Agricultural growth, poverty, and nutrition in Tanzania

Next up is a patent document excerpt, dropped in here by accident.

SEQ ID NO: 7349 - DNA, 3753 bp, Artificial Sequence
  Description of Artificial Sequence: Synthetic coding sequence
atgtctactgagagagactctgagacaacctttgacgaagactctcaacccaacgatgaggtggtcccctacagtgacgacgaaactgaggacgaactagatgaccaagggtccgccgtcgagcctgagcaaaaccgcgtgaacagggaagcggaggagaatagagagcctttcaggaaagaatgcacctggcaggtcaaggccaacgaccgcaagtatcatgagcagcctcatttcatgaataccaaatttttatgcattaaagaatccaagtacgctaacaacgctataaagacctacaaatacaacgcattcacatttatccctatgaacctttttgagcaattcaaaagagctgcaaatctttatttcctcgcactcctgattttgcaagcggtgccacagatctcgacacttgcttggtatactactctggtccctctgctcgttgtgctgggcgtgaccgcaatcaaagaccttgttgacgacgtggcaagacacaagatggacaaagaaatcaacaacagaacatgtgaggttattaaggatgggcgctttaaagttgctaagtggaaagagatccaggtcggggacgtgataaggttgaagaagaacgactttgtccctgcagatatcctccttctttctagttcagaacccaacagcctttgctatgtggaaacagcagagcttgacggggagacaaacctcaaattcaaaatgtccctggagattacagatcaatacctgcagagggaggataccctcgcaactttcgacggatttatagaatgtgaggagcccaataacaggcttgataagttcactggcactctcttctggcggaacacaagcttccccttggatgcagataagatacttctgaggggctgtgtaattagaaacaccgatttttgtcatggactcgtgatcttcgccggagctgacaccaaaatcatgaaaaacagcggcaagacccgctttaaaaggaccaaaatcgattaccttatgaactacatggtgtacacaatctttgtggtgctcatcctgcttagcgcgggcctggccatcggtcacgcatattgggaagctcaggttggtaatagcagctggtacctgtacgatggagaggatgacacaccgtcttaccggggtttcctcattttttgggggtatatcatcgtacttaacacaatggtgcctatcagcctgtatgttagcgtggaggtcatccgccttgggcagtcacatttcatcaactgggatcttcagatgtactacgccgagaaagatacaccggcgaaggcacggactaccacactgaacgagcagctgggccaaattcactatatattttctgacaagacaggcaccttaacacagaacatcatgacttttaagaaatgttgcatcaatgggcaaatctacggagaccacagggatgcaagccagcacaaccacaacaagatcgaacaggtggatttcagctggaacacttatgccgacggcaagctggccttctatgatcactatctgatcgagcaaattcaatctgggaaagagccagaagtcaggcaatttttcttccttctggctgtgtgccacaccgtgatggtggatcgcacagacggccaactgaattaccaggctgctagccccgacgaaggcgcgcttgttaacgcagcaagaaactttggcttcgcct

Rapid economic growth does not appear to have significantly improved poverty and nutrition outcomes in Tanzania. We link recent production trends to household incomes using a regionalized, recursive dynamic computable general equilibrium and microsimulation model. Results indicate some inconsistency between recent growth and poverty measurements in Tanzania. We also find that the structure of economic growth may have constrained the rate of poverty reduction. Agricultural growth has been driven by larger-scale farmers who are less likely to be poor; and has been concentrated among crops grown in specific regions of the country. Slow expansion of food crops and livestock also explain the weak relationship between agricultural growth and nutrition outcomes. We find that accelerating agricultural growth, particularly in maize, strengthens the growth–poverty relationship and enhances households’ caloric availability, while also contributing significantly to growth itself.
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